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Rolls-Royce calls for formal funding talks over small nuclear plants Nathalie Thomas in Edinburgh and Sylvia Pfeifer in London, 23 Nov 22

Rolls-Royce has urged the UK government to enter formal negotiations over the funding for small nuclear reactors, which it hopes to build in England or Wales by the early part of next decade.

Tom Samson, head of the company’s small modular reactor business, told a committee of MPs on Wednesday that Britain would face an electricity crisis next decade if it did not push ahead with building more “baseload” power stations that offer a reliable [?] source of generation when weather-dependent renewables including wind and solar are not producing.

Rolls-Royce is leading a consortium that has designed a 470-megawatt [that’s LARGE !] small modular nuclear reactor, which could produce enough power for a city the size of Leeds and would be built in factories before being deployed at existing nuclear sites in England and Wales.

It wants the government to enter formal talks over potential funding models and how the technology could be deployed so it can start building factories. The first Rolls-Royce-designed SMR would cost £2.5bn, although the UK engineering company has argued the cost of each plant will drop to £2bn once it has a pipeline of orders.

……….. the first Rolls-Royce SMR would probably need a funding model underpinned by the government or bill payers.

The company has previously talked about models such as “contracts for difference”, which are used for technologies such as offshore wind and guarantee developers a set price for their output.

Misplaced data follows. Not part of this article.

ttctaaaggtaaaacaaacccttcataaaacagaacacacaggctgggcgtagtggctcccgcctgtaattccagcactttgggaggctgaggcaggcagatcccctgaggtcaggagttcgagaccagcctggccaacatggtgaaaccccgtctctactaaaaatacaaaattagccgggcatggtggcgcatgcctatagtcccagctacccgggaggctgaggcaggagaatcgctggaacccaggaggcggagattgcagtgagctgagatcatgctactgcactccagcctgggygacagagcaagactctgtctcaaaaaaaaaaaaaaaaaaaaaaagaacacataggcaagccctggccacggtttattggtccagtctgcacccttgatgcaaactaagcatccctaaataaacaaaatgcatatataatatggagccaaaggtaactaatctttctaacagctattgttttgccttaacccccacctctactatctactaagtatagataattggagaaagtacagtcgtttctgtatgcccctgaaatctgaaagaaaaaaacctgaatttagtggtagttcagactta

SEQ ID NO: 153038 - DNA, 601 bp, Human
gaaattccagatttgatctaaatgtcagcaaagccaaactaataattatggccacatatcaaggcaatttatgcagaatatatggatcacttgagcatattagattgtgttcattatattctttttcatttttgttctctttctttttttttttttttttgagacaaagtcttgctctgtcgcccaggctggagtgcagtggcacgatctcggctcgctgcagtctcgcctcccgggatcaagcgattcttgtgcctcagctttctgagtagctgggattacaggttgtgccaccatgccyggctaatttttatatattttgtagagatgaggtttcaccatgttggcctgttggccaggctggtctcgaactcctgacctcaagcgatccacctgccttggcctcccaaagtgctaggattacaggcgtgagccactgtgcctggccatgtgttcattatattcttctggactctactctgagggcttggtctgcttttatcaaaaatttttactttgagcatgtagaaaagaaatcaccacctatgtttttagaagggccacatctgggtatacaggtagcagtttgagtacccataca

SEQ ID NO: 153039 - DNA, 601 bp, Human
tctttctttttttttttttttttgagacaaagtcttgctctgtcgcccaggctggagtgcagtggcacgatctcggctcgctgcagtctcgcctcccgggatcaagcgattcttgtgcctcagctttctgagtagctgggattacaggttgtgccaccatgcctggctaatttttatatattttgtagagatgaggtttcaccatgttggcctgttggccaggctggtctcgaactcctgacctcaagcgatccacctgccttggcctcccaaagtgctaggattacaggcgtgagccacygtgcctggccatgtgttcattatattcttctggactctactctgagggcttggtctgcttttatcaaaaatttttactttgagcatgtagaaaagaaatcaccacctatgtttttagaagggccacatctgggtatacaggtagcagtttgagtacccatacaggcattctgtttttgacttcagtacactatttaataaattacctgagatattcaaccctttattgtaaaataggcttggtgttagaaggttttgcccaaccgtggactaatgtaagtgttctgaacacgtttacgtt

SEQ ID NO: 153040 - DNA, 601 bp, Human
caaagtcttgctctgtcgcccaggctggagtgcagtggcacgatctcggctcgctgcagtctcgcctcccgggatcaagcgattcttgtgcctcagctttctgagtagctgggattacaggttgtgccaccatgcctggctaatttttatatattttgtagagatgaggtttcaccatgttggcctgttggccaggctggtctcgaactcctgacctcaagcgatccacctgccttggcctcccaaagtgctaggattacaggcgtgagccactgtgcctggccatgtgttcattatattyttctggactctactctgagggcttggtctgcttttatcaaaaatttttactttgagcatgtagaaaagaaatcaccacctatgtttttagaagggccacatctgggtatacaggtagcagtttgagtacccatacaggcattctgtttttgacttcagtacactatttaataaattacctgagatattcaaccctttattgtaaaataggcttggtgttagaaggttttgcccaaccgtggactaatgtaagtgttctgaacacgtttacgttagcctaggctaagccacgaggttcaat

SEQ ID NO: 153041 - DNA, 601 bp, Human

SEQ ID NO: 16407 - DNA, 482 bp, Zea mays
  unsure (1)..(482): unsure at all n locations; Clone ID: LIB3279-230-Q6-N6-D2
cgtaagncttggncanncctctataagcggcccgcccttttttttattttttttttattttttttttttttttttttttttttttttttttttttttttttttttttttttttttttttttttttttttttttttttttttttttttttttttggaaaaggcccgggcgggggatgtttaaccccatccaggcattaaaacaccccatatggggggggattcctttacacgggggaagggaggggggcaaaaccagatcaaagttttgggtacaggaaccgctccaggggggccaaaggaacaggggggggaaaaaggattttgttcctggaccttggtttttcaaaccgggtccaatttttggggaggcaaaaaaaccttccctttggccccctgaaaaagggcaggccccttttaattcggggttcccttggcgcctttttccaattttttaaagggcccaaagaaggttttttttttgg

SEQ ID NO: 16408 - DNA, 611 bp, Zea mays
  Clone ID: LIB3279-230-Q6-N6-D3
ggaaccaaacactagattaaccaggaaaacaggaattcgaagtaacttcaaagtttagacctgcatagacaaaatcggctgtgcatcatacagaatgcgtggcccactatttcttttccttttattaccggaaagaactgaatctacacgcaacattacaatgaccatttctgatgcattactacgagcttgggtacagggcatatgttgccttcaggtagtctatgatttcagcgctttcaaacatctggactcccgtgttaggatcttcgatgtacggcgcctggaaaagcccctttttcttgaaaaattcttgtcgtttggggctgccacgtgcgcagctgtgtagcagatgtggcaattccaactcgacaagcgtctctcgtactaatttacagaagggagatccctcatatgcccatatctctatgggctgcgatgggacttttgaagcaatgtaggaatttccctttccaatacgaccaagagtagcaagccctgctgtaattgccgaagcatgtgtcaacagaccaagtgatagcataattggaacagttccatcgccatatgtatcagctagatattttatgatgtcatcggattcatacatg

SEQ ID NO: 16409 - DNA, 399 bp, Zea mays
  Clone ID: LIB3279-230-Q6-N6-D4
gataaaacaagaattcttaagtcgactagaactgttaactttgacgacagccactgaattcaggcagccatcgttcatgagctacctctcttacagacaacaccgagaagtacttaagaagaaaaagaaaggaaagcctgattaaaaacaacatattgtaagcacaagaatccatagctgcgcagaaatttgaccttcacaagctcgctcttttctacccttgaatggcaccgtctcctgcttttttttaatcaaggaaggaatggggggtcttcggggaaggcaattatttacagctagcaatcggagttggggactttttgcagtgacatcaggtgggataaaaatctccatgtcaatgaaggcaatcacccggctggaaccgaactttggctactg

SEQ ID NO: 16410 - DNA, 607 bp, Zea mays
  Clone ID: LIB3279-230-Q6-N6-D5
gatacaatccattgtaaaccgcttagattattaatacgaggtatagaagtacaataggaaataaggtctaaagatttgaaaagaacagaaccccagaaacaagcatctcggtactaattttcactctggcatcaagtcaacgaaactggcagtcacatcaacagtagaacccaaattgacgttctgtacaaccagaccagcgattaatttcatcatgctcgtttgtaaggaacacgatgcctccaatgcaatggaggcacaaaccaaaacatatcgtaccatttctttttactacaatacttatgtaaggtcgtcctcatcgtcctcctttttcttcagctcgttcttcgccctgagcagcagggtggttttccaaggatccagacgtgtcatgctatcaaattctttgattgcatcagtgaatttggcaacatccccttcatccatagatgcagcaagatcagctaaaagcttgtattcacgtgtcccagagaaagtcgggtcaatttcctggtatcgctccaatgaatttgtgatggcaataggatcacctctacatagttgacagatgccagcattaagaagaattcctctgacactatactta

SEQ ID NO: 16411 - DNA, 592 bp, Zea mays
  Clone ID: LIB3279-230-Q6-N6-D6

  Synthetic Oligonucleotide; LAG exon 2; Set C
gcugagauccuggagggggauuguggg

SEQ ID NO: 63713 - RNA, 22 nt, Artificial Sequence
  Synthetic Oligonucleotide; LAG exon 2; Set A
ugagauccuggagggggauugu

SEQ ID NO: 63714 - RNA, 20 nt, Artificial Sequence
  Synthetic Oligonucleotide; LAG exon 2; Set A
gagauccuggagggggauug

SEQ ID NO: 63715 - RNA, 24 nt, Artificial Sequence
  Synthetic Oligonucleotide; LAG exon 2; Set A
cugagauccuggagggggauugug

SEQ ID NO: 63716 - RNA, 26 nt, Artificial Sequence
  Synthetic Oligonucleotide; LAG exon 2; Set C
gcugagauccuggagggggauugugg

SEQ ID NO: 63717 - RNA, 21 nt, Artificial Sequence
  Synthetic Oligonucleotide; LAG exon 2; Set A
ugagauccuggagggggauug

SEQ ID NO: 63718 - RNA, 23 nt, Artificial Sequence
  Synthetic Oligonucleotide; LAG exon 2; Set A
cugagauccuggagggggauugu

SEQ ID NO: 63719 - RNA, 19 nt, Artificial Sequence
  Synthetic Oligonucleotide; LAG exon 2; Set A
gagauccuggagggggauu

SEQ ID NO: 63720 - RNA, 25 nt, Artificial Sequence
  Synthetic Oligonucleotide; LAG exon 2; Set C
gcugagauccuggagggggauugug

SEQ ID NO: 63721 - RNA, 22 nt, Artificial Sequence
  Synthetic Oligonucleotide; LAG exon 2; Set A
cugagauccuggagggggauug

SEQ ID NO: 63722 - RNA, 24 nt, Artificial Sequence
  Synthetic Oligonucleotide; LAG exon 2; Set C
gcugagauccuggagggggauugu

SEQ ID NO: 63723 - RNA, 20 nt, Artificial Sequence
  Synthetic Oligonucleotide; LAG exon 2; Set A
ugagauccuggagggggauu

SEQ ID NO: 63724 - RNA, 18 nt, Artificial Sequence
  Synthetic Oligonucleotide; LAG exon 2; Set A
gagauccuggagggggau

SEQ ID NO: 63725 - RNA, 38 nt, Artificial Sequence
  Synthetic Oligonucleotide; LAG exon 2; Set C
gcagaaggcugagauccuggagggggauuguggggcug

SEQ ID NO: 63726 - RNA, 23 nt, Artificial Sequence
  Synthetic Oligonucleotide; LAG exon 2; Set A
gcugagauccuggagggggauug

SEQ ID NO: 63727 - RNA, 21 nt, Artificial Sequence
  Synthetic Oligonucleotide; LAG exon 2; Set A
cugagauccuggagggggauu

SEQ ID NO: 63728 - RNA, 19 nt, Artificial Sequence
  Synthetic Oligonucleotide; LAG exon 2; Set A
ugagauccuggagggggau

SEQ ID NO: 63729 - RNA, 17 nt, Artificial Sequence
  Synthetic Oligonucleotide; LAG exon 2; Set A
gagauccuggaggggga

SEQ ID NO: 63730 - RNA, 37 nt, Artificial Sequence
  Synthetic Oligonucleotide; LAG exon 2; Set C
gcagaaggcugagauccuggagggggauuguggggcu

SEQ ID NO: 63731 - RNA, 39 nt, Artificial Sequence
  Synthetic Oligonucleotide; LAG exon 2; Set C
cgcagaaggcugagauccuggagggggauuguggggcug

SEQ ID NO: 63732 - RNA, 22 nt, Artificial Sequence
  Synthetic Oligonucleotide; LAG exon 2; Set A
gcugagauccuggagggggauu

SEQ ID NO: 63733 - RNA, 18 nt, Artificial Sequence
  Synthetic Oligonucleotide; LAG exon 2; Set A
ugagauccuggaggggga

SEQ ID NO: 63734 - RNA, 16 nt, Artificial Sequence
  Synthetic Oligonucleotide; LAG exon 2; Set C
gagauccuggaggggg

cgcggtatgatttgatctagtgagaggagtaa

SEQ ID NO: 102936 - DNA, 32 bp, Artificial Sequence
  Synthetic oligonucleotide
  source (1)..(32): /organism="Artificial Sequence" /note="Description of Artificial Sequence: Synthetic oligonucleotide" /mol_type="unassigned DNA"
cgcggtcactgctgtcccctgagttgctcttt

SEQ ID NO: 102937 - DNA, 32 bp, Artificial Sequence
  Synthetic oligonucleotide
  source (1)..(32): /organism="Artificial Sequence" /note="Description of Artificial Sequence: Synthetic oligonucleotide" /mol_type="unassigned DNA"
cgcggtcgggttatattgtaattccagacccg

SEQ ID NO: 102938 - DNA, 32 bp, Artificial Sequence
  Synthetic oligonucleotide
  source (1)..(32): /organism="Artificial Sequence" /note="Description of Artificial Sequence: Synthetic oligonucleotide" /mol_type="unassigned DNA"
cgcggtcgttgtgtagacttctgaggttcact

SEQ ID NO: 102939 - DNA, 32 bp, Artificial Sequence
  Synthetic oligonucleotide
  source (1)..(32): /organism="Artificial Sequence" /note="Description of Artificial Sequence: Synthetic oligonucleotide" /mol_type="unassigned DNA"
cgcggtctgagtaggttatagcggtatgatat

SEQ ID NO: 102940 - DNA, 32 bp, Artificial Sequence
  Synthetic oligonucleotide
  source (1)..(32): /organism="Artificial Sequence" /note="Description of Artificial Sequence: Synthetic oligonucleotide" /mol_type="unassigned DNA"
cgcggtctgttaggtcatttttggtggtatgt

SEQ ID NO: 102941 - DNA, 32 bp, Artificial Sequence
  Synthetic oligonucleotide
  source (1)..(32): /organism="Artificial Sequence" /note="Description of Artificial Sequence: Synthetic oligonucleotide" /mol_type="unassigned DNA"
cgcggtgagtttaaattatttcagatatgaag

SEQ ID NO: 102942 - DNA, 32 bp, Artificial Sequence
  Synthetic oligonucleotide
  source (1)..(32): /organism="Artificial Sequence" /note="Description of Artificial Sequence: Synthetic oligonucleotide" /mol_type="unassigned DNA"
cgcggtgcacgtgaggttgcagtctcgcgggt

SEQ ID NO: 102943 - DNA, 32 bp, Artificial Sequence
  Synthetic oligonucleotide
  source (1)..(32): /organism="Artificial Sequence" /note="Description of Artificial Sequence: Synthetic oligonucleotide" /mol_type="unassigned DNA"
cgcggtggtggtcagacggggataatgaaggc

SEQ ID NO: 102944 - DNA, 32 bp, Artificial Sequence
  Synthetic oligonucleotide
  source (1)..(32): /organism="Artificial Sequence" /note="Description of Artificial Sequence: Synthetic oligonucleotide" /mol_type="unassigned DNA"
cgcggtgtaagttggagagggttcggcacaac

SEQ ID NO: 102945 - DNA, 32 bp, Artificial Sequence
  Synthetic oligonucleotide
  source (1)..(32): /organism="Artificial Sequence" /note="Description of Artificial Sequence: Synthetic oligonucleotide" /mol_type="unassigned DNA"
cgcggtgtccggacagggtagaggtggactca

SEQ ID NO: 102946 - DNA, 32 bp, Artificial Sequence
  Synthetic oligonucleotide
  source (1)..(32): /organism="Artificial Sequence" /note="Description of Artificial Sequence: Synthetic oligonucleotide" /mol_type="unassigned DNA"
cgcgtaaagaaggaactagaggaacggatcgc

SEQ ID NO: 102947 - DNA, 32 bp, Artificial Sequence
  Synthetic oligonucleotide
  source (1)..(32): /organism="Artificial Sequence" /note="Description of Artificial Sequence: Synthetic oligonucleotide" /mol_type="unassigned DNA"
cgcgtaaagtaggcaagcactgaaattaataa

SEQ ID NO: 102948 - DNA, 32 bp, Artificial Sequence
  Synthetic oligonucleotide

Alternatively, it has said it may consider a “regulated asset base” mechanism, whereby a surcharge is added to consumer energy bills long before any plant is operating to help finance schemes.

Samson warned the government it did not have the luxury of spending another two to three years talking about whether to build more nuclear capacity……………

Former prime minister Boris Johnson said while in office that he wanted up to 24 gigawatts of nuclear capacity by 2050 — up from just 5.9GW at present — but chancellor Jeremy Hunt’s recent Autumn Statement referred only to the 3.2GW Sizewell C nuclear project in Suffolk, about which the government is in negotiations with French state-backed energy group EDF. Opponents of nuclear argue that is expensive compared with other technologies.

……………. “The government is investing in these new technologies through the £385mn Advanced Nuclear Fund including £210mn towards the Rolls-Royce SMR programme,” a BEIS spokesperson said.


November 24, 2022 - Posted by | business and costs, politics, UK

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